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Lisa Marie Beckwith sent us this report of an AMAZING learning experience she had at the Thoroughbred Celebration Show at the Virginia Horse Center earlier this year.
Because sometimes you doubt yourself enough that you have to ask your instructor to take a photo of you in front of the sign to prove you at least made it there on your horse…
Sounds cheesy enough, right? But to the beyond broke, grad student whose getting by trading barn help for lessons on top of working a full time entry level pay job with only half a shot at placing, it’s pretty logical.
There’s been more than one show where the photo is all I came home with. I’ve groomed and worked many multi-day shows and been mindblown at the costs and the nerves of riding at that level. Somehow through the powers of time and space, the same day I arrived at the conclusion I wanted to try a three day show and actually ride above the schooling show level, was the same day I got a text from my wonderful coach asking me if I had intentions of attending Thoroughbred Celebration. TC is a show exclusively for Thoroughbreds and particularly OTTB’s, offering every discipline shy of vaulting and driving they are the nation’s only multi day TB show and happen to be right here in my state.
I’ve saved and worked extra for about two months now to get up the money to go, and said to myself being the overly frugal show lady “If there’s a lot of people in my class there’s no way I’m showing”. I’m the kid who is just fine getting 6th out of 6; for me the ribbon is a memory of the experience and a way to go back and revisit what I could improve upon for next time.
Everyone always lectures me that it’s about “the experience” but in my petty mind if I want an “experience”, I’ll hit the local schooling shows at $6 a class. If I’m laying down a few hundred dollars in hauling, hotels and the show then I better have a shot. Now that my wonderful mare has decided for now she’s going to stay sound (See our Winter Submission “We Get So Bored in the Winter, We Go Crazy… My Horse Literally Poked Her Eye Out – Cheer Me Up SmartPak Contest” on HJU) we, or at least I am ready for the big comeback.
We’ve had some hit and miss experiences (well, mostly miss…) at local shows determining that the new eye does not permit us to enter the schooling or hunter ring because there are horses zooming by our semi blind side. But perhaps we like dressage enough to commit.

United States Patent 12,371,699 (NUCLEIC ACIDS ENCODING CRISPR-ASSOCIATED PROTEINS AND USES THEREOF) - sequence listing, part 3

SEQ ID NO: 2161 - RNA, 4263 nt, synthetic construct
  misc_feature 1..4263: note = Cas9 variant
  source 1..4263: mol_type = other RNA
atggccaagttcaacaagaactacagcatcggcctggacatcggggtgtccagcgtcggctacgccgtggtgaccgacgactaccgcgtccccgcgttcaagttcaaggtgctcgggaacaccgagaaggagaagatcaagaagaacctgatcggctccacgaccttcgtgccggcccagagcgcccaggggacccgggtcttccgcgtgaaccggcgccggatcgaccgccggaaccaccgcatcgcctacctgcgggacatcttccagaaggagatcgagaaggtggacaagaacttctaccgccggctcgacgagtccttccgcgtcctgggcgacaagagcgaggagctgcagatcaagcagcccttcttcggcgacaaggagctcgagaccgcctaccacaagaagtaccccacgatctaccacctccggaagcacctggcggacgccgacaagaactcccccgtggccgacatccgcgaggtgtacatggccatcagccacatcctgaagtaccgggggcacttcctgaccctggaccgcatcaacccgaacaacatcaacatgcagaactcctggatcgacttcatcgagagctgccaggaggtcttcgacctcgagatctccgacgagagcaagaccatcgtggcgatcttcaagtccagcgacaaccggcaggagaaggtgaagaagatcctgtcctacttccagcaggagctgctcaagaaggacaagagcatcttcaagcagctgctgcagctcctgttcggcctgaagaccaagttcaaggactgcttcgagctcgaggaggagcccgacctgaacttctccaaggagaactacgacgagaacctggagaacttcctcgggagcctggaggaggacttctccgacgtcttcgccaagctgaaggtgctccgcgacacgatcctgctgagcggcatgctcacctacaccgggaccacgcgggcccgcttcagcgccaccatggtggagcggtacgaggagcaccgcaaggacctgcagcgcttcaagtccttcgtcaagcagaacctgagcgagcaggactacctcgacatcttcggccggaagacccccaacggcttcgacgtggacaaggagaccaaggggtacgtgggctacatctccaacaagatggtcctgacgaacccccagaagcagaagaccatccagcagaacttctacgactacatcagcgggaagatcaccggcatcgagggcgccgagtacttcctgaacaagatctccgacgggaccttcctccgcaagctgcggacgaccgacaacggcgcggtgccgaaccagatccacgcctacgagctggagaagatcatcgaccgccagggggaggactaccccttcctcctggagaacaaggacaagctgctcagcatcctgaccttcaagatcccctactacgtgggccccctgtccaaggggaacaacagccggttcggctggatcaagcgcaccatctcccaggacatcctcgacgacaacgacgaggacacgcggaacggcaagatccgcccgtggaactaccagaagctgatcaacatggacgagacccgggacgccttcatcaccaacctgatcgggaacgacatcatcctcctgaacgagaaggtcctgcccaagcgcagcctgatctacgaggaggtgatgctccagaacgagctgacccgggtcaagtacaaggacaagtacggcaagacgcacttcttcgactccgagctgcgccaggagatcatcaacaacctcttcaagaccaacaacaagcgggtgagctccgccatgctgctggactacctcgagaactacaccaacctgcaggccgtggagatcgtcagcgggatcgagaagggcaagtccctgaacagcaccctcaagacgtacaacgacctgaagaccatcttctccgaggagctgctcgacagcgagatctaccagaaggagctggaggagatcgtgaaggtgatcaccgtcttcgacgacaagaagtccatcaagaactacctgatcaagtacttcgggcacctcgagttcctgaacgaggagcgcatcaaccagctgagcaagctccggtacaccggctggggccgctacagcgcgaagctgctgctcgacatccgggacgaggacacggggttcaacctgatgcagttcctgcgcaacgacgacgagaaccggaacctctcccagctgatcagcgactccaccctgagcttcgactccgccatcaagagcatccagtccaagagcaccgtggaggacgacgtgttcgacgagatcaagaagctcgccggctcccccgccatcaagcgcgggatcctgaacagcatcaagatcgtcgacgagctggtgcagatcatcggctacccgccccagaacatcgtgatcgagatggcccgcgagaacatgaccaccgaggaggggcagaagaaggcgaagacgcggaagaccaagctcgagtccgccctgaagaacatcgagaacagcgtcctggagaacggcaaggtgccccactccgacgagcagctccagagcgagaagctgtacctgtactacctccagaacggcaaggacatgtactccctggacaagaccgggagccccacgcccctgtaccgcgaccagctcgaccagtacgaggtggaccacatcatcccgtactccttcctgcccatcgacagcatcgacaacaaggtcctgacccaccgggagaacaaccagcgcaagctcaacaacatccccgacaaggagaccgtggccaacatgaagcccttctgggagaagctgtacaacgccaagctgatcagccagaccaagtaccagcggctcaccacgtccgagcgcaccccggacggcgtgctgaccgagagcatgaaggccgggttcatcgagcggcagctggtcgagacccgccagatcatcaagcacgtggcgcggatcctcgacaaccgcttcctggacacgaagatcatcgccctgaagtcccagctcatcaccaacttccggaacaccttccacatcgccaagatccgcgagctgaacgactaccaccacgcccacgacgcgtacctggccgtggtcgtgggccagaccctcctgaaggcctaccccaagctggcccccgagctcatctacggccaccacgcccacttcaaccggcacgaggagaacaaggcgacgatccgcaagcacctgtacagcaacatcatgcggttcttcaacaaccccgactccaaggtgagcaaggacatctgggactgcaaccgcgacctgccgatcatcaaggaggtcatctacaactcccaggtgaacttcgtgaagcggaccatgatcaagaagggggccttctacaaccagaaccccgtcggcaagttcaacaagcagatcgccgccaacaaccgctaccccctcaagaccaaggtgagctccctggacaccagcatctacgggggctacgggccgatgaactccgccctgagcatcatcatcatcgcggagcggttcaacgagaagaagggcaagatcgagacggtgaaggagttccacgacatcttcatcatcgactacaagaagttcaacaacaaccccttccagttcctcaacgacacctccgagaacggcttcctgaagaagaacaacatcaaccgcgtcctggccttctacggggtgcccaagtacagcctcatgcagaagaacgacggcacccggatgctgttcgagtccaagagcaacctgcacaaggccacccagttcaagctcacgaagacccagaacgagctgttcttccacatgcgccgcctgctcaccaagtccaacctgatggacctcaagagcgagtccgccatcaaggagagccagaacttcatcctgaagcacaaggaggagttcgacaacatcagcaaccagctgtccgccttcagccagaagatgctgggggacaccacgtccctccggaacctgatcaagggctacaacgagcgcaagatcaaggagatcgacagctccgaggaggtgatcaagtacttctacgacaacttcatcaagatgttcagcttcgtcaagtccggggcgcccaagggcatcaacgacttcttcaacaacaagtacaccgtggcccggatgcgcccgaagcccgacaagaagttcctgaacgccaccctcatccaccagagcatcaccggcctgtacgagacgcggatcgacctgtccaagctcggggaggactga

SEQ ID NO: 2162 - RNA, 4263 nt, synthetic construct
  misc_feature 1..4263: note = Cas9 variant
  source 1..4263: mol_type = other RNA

My Cheesy Stall decor and hot pink horse
We made it there, cheesy decorated stall like a 4-H kid and everything; Riding in a borrowed dressage saddle, stalling at a beautiful facility the winter weather rolled in.
Sleeting as we pulled in and 26 degrees the next morning for my 8:14 Intro A ride time, I was just waiting for my mare to get angry, she hates weather, and she’s going to seek revenge one way or another. But I said to myself “There’s no way I’m not going in that ring, I don’t care if I forget the whole test. I’m here to show my girl is back and that we can do this. I spent too much money and too much hard work to let anything ruin this chance”
It became a huge emotional roll where I recounted the years of borrowing lesson horses and never placing at local shows, while the other girls rode their leased hunter horses around to champions. Always feeling like I wasn’t good enough to ride in a ring with them or even be their friend (they’re actually super nice people), and that this was my chance right here to prove that I can do this and am just as good as a rider. (Ironically enough, they were at the same show with their TB’s for the hunters and they did great!)
I made my coach take a photo of me in front of the horse center sign that was ringside just in case I didn’t place I at least had self-proof that I got in that ring and did it. I actually nailed my Intro A, or at least met my goal of scoring at Claire’s pre-surgery scores.
Due to the weather, the judge was bundled up in her hummer at C so she thankfully couldn’t hear me mumbling to myself everything I’ve ever been told about dressage in a lesson. I walked out of that test feeling cautiously optimistic, it felt good, Claire listened to me and we didn’t drop the last 1/3 of our circles off. Maybe I survived? My Coach very sincerely told me I did a great job and it was the best test she’s seen out of me these last 2 years. (I almost cried! I was so happy).
Intro A Test
We rode back to the barns and had two hours till our next test, I was reviewing the pattern for B and dying to get out there, I was feeling confident which is generally disastrous for me, as I forget to keep working. When I hear on the barn PA that there were a few no shows and that there was an opportunity to bump up to an open ride time. I grabbed Claire and headed out because I wanted this over! I did my B test, with what in hindsight was not enough mental warm up to get her listening. It wasn’t bad exactly… but it took half the test for her to get on my wavelength and we had a huge score change in the second half of the test. Not my best but I didn’t go off pattern which is half the battle some days!